We’ve all been inspired by stories of common folks doing uncommon things during this time.  I saw an interview with a 4th grade girl in Boston who loved to sew and had already made more than 800 face masks for local policemen.   God bless her.

BUT I am still appalled at those who see this pandemic through political eyes.  The fact that for the most part Democratic governors have responded differently than Republican governors is beyond comprehension.

Were we ready for this pandemic?  NO.  Of course not.  Was New Orleans ready for Katrina’s flooding?  Was Tuscaloosa ready for the horrific tornado that hit in 2011?

Whose fault was this?  Who cares?  All that matters is what we do from this day forward, not what should have been done three months ago.  And for the Democrats to announce that they want to investigate who may have been at fault is ridiculous.

This country has never been so divided against itself.  Where is the tolerance?  I see friends of many, many years posting crap on Facebook that is often untrue, but is of no value if it were.  Recently one posted that a number of prominent Democrats go by a different name than they had as children.  Most of it was total B.S.  But Sweet Jesus, people are dying and this is what we’re thinking about?

In my opinion, the Crown Prince of division is Sean Hannity.  How does the poison he spews each night make the United States a better place?  It doesn’t.

The best scientists in the world are working feverishly to find answers to what confronts us.  The hospitals of New York City are filled with countless heroes.

Do what you can.  Give blood.  Make masks.  Remember your neighbors and your friends.  Listen to the scientists,  Be part of the solution.  Not part of the problem like Sean Hannity.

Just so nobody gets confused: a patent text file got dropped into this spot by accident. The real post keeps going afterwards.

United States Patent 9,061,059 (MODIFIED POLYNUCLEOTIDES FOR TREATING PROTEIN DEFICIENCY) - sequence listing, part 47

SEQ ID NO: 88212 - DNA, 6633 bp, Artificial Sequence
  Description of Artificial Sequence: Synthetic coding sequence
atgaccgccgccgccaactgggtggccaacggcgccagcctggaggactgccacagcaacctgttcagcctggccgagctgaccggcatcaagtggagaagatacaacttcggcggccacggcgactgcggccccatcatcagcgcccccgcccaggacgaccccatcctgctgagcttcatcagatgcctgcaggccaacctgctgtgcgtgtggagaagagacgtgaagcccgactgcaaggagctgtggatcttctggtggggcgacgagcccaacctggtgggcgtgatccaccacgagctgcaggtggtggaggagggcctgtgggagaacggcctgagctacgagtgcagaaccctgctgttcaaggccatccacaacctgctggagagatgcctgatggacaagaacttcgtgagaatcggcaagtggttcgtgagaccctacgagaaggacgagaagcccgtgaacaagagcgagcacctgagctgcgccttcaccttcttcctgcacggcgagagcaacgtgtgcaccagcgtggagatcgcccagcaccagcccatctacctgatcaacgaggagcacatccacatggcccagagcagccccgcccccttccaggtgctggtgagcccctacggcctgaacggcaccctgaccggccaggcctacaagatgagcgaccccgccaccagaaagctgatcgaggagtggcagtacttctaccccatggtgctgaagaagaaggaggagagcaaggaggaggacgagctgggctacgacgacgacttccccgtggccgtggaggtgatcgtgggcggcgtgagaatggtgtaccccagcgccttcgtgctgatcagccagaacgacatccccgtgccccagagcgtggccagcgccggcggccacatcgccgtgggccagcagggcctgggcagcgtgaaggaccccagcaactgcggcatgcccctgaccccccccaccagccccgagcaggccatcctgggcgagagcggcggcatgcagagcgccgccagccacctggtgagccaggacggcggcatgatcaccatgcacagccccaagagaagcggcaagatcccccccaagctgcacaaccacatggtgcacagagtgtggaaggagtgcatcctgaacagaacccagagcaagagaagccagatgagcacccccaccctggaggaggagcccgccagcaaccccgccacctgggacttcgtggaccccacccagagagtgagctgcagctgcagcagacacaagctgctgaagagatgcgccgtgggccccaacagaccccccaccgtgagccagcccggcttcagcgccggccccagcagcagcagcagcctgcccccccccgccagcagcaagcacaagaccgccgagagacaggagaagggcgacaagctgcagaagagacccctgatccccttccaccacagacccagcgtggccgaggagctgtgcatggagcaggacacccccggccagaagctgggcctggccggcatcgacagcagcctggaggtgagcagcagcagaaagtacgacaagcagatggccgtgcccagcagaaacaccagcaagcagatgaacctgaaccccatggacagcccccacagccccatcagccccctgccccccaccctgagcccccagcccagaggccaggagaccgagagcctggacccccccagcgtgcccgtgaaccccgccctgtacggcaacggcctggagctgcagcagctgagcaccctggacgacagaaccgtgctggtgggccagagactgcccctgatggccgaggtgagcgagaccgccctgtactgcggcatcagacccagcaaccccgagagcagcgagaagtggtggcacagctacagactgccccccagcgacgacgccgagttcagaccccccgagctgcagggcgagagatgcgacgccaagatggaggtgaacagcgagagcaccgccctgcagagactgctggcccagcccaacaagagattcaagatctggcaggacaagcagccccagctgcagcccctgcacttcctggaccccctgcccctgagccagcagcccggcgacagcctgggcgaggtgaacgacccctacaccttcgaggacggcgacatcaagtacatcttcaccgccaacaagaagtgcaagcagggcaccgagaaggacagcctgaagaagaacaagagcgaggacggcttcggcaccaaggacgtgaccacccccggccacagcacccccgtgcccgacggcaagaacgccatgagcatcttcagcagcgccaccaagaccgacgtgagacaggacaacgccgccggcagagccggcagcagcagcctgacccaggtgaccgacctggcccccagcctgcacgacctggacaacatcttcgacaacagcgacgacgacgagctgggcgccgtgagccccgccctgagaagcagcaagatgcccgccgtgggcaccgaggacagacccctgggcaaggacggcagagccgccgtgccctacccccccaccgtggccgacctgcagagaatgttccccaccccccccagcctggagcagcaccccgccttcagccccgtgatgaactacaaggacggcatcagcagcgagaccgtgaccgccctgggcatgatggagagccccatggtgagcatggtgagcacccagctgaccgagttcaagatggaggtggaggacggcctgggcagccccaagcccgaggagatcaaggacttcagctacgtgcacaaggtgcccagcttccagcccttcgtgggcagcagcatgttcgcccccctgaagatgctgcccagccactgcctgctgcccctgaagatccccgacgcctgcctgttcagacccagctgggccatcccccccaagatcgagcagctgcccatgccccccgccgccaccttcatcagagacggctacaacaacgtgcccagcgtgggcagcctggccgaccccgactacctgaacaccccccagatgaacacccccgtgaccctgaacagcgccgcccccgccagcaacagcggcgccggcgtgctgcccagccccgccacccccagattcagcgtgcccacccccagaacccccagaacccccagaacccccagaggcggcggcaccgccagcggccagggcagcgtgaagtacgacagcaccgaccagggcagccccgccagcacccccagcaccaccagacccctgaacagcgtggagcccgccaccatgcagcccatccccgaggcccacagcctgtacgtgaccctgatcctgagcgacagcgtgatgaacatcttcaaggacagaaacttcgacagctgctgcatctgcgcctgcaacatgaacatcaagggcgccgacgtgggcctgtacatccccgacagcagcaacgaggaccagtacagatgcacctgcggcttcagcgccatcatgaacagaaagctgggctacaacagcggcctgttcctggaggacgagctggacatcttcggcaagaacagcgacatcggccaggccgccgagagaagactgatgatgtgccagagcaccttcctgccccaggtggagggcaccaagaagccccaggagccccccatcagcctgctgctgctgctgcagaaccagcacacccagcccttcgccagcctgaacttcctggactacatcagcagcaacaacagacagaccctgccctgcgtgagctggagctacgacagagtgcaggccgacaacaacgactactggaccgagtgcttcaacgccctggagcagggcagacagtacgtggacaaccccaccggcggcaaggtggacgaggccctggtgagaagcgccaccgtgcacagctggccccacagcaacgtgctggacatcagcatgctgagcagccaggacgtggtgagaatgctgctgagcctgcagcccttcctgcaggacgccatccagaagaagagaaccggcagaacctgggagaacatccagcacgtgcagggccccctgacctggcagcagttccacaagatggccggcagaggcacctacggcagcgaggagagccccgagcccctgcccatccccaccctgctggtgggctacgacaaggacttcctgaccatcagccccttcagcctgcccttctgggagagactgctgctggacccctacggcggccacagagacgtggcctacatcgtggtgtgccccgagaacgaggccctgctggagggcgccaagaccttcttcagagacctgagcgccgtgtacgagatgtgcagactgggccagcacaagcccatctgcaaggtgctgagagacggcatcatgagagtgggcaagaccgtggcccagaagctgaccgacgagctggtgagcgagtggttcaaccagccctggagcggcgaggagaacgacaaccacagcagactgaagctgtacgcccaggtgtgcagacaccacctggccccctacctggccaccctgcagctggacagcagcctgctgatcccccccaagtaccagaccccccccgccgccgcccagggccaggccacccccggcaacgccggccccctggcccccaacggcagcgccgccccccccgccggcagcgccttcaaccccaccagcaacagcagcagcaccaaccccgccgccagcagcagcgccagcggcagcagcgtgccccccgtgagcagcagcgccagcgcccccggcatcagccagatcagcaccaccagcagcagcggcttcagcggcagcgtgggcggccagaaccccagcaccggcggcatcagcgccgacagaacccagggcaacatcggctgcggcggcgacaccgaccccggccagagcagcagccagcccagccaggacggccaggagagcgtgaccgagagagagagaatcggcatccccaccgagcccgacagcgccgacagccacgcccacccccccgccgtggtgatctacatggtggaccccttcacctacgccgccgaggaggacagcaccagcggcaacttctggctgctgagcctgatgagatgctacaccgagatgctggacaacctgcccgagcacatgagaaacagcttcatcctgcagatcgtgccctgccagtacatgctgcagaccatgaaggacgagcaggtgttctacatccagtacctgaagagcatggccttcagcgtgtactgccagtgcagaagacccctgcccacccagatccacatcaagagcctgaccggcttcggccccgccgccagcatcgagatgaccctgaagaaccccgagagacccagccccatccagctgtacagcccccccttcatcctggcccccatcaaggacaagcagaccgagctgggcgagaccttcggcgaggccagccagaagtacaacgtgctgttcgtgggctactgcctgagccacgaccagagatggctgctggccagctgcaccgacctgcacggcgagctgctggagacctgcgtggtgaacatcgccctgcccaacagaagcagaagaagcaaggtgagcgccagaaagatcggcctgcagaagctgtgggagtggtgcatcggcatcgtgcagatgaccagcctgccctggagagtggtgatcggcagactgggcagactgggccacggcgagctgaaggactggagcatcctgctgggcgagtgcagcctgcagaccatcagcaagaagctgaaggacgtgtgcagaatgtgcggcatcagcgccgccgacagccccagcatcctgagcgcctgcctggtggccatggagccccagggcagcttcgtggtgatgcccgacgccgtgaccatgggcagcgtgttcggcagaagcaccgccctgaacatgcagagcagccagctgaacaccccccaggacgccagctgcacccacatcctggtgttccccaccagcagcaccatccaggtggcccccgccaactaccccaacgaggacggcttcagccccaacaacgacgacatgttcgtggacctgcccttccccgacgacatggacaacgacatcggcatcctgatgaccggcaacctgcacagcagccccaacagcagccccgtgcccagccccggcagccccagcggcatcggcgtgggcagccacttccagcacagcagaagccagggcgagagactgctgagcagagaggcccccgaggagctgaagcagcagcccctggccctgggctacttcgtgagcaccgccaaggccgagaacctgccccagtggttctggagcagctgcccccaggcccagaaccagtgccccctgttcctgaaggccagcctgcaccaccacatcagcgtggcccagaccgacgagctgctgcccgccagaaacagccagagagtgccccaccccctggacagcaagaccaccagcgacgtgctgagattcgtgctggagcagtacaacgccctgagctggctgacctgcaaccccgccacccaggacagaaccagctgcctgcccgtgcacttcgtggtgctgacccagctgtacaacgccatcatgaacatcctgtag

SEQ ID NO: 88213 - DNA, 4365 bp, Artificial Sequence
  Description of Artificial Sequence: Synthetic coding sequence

In Praise Of Porches

Like most homes built in the 1930s and 40s, Grandpa’s little wooden structure at Rt. 2 Red Level had a porch.  And a swing and some rocking chairs.  The swing was perpendicular to the road, so Grandpa sat in it with his back to the house and his feet to the road.  Cars would go by and each one would blow their horn.  Grandpa would wave and Grandma would look up from the pan of butterbeans she was shelling and ask, “Horace, who was that?”

A dirt dauber worked on his mud mansion in a corner of the ceiling.  In the distance a mama cow bawled for her calf to come home.

These thoughts came back to me when I read what Troy Turner, editor of the Opelika-Auburn News, recently titled “Suddenly, it’s a front porch world again.”

“How about this:

Instead of going into panic mode over being left behind in the stylish run on toilet paper, or instead of being selfish in your disappointment about the prudent cancellation of sporting events, why not draw up an old-fashioned to-do list that actually could change your state of mind about a few things?

Divide and conquer

Folks who see the glass half full are very much enjoying the idea right now about having a week or two or three of downtime. Especially if they are blessed enough that their finances are somewhat secure.